HELLO, I'M ERIKA LILJEFELT
a little about me:
In a nutshell, I'm a professional dog walker with a background in dog training and a passion for high-energy, leash-reactive, and aggressive dogs - and for making the lives of the humans who love them a little easier. Meet my own reactive dogs below.
I take my work seriously, so I'm always learning. A passionate reader with a degree in English literature from UC Berkeley, I've traded novels for avid reading in the dog behavior field, as well as watching professional seminar videos by top teachers in our industry, and continuing to take classes with my own dogs to keep my skills sharp.
My Credentials at a Glance:
- dog*tec Dog Walking Academy Certified Dog Walker
- Marin Humane Society Trish King Canine Behavior Academy 40-hour Foundation Course (now taught at the Humane Society Silicon Valley)
- Dogsafe Canine CPR & First Aid certification
- Association of Professional Dog Trainers (APDT) member
- Pet Professional Guild (PPG) member
- Women in the Pet Industry Network member
- Muttville Senior Dog Rescue Volunteer
- Currently enrolled in the Karen Pryor Academy Dog Trainer Foundations Course
- Behavior Internship, Peninsula Humane Society & SPCA Behavior & Training Department
Why I Do What I Do
Since the day I decided to become a dog walker, the most common question I've gotten is whether I walk difficult dogs. I’ve heard story after story of dedicated dog owners turned down by walker after walker because their dog is “too high-energy” or because of their dog’s fear of people or reactivity toward other dogs. And if a dog has a bite history? Don’t even bother asking—no walker is going to take that on.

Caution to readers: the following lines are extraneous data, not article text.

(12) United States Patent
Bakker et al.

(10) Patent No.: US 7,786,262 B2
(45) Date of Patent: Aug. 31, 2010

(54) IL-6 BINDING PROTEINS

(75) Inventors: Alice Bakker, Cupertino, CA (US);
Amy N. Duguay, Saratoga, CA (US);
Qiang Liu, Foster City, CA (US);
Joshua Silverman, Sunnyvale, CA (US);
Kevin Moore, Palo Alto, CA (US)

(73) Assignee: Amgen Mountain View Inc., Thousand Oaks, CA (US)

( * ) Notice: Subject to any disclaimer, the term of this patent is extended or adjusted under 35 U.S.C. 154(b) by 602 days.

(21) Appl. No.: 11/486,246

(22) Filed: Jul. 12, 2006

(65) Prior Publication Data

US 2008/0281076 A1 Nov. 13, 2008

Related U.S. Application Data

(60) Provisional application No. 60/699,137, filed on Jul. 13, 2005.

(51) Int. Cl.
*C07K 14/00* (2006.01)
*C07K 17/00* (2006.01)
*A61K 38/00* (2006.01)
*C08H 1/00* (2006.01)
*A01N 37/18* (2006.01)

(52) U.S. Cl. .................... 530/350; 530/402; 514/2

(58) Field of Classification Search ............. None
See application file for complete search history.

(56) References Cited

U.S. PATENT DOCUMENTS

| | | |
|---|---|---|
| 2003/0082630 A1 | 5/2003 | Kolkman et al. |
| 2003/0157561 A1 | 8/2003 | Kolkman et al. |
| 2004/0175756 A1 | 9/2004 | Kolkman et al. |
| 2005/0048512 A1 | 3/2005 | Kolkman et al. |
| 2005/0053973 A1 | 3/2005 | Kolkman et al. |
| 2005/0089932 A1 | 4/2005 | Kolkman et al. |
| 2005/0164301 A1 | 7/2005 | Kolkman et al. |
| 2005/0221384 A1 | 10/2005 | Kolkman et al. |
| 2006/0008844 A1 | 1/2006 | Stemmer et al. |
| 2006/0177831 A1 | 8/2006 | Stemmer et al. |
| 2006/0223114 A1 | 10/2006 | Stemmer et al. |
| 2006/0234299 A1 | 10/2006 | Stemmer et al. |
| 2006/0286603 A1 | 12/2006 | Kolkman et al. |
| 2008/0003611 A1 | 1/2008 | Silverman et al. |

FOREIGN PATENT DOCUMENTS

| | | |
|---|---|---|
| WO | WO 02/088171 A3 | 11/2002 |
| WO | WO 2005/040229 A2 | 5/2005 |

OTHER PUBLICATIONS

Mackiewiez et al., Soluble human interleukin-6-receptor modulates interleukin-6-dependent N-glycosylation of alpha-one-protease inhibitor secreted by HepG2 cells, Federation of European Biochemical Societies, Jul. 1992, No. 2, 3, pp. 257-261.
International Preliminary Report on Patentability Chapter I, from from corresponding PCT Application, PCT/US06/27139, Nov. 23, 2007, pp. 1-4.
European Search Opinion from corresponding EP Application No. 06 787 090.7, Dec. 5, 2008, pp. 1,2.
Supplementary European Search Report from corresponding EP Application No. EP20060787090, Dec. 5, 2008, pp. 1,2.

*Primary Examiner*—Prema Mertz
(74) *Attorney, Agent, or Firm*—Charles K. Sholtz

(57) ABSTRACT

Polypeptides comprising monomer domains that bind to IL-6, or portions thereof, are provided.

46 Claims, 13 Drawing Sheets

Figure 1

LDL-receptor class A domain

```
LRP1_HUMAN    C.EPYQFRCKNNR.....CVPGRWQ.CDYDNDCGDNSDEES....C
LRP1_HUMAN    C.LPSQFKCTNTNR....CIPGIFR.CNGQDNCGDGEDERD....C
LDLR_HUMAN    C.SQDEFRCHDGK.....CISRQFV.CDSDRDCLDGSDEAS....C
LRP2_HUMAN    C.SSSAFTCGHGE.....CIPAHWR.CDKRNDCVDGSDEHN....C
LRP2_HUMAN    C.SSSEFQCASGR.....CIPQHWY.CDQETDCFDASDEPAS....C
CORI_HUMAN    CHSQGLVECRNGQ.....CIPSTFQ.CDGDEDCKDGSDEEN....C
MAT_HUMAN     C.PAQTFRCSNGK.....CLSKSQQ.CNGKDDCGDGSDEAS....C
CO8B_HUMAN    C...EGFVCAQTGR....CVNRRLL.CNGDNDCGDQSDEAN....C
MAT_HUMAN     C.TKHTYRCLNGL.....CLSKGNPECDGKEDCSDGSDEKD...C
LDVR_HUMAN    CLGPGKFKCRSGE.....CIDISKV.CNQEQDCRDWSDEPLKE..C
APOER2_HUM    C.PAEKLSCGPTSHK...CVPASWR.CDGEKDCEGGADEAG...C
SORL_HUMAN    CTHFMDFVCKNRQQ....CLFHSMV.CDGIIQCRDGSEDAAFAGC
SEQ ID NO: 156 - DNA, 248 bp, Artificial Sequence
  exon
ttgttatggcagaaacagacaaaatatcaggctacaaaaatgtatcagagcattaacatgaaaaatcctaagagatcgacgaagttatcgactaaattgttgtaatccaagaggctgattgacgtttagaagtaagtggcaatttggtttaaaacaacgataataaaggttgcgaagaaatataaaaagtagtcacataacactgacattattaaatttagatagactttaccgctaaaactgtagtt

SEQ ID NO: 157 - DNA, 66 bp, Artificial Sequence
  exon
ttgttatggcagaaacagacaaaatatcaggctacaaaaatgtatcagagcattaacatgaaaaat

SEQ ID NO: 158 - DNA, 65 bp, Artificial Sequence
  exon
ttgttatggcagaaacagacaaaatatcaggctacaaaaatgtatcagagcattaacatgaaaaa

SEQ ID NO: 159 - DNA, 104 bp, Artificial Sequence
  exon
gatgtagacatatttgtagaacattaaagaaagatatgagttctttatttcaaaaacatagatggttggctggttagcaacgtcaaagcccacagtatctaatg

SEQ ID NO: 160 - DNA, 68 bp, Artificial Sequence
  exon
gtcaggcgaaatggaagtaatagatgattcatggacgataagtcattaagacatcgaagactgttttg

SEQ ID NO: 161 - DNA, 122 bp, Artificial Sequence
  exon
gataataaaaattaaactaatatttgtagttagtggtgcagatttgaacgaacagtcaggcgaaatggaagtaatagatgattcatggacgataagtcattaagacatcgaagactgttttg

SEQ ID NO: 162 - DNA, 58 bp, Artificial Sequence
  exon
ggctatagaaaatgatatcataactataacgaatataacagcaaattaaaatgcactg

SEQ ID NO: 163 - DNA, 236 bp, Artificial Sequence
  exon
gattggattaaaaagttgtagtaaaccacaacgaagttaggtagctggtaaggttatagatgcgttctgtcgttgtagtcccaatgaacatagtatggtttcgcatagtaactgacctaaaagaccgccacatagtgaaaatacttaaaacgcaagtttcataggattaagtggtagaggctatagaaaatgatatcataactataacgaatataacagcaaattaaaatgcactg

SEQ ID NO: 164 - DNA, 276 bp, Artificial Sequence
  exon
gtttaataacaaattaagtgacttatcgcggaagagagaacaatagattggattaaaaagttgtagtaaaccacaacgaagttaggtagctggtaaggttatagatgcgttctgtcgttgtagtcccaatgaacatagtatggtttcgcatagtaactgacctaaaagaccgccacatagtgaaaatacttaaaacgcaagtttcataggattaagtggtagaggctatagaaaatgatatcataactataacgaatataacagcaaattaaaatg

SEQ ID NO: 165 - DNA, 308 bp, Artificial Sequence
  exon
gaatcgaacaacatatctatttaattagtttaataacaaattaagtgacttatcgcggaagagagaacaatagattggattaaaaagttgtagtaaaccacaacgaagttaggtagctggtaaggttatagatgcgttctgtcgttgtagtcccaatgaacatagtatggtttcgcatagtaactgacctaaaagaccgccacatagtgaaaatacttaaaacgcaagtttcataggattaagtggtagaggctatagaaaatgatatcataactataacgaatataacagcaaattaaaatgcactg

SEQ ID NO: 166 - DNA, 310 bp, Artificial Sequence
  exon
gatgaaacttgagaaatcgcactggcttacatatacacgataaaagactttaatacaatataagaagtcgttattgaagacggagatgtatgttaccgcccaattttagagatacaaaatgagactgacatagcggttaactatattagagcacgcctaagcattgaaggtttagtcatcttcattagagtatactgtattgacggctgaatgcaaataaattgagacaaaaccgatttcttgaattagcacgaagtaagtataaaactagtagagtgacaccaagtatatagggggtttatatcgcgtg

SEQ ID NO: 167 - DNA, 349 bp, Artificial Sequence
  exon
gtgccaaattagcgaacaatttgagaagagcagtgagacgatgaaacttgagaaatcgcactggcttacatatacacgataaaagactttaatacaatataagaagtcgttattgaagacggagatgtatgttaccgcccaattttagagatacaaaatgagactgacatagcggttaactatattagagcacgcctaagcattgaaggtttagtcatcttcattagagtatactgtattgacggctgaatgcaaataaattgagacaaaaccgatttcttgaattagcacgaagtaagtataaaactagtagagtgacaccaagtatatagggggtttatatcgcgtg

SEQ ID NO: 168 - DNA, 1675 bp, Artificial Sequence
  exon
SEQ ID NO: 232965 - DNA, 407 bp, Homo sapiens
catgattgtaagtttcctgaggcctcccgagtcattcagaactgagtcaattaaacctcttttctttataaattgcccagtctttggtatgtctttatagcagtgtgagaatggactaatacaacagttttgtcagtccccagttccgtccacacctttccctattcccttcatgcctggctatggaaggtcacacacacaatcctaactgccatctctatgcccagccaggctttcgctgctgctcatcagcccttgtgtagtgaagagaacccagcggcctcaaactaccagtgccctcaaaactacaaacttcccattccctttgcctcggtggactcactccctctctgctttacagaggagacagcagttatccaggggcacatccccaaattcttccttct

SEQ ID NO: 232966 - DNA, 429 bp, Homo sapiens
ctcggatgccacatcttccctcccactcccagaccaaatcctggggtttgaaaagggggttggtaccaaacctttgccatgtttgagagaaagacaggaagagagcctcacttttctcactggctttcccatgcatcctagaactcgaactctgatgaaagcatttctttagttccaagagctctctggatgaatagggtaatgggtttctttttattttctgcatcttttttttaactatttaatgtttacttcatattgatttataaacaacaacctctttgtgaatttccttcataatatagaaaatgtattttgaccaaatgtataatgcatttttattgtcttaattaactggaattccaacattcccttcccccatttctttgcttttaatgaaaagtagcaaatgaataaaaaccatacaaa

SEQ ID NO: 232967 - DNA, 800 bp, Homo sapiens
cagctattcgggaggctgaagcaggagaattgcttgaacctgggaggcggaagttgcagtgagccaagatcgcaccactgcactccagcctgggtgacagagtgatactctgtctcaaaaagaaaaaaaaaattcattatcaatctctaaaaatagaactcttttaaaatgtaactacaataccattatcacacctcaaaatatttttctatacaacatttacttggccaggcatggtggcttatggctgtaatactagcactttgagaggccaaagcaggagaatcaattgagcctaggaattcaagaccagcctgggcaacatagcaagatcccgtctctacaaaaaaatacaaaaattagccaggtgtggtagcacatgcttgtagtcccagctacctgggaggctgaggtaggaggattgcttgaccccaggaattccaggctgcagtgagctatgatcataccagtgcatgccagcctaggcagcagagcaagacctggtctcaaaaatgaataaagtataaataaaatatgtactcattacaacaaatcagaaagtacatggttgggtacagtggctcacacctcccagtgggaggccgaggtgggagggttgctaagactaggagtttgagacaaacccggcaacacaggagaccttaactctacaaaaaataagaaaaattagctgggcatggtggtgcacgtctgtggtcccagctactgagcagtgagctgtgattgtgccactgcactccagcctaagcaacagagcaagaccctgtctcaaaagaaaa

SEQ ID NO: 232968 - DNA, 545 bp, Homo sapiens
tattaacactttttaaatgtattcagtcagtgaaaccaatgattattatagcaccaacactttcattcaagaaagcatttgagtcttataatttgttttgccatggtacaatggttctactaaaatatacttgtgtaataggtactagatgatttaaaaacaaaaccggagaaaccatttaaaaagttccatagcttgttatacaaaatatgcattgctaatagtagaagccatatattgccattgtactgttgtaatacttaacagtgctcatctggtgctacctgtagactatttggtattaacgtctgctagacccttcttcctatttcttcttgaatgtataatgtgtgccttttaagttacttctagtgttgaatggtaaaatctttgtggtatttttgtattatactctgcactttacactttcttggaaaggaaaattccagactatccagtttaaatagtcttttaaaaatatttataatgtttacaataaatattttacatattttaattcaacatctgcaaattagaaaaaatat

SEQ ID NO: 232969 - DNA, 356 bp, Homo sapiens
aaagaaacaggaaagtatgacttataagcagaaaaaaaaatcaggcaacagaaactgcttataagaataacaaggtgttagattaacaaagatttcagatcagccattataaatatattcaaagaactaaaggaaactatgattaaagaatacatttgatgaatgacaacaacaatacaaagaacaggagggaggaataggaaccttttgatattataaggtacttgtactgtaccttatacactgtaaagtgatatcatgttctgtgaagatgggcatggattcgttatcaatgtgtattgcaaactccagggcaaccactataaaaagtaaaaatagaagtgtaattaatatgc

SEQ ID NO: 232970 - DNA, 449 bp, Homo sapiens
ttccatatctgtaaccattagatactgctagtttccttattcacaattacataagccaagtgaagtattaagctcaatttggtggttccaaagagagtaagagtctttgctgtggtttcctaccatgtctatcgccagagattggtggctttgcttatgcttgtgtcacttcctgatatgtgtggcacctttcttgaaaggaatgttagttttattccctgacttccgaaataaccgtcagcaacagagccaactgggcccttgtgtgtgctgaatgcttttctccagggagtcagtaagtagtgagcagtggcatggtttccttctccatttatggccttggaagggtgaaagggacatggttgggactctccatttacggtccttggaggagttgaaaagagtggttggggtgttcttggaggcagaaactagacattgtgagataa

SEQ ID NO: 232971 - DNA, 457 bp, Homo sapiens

I don’t blame them. It’s hard work keeping dogs safe in our busy, complex world. Working with dogs with behavioral issues takes skill and a specialized knowledge of canine body language, the nature of aggression, and the art and science of dog training and behavior modification.
While I don’t blame walkers who don’t take on more challenging dogs, I’m not one of them. I revel in getting these dogs the exercise they need and deserve. Ask any dog trainer and she’ll give you an earful about the positive impact of exercise on behavior. When you have a dog who’s difficult to walk, it’s easy to end up in a downward spiral: You understandably avoid walks, only to see the behavior you’re trying to avoid grow worse.
To me, there’s nothing more satisfying than seeing dogs transform under the influence of exercise and positive training - except maybe the relief of my human clients, able to relax knowing their dogs are getting out safely while they’re at work, and that maybe their own weekend walks can be made easier, too.
My Own Reactive Dogs, or Why I Do What I Do, Part 2
I mentioned that I know what it's like to live with a challenging dog, and I wasn't exaggerating. I've shared my home and my heart with a few reactive dogs. I've been amazed at the power of positive training to turn walks with my Reactive Rovers into enjoyable outings, and the power of exercise to transform their unbridled energy into a relaxed hum. I'd love to see that happen for you, too.
Here's a bit about my two current loves:
We think Ms. Mochi the Mutt is Miniature Pinscher and Rat Terrier, with maybe a little Chihuahua, too. Part of a wild dog pack roaming the Oakland Hills the first year of her life, Mochi is 18 lbs of tenacity and specializes in on-leash dog reactivity when given the opportunity.
My big guy, Buster, began life as a Taiwanese street dog living under a bridge with a kind homeless man. Buster isn’t one to discriminate—he’s willing to bark at anything that moves, be it dog, human, bicycle, or even car. This despite his having been originally described to me as “Good for any family, not aggressive, and great with little dogs.” We’ve all heard this story before, I’m sure!
In memory of the original Relaxed Rover
Cooper T. Dog
November 2001 - December 2015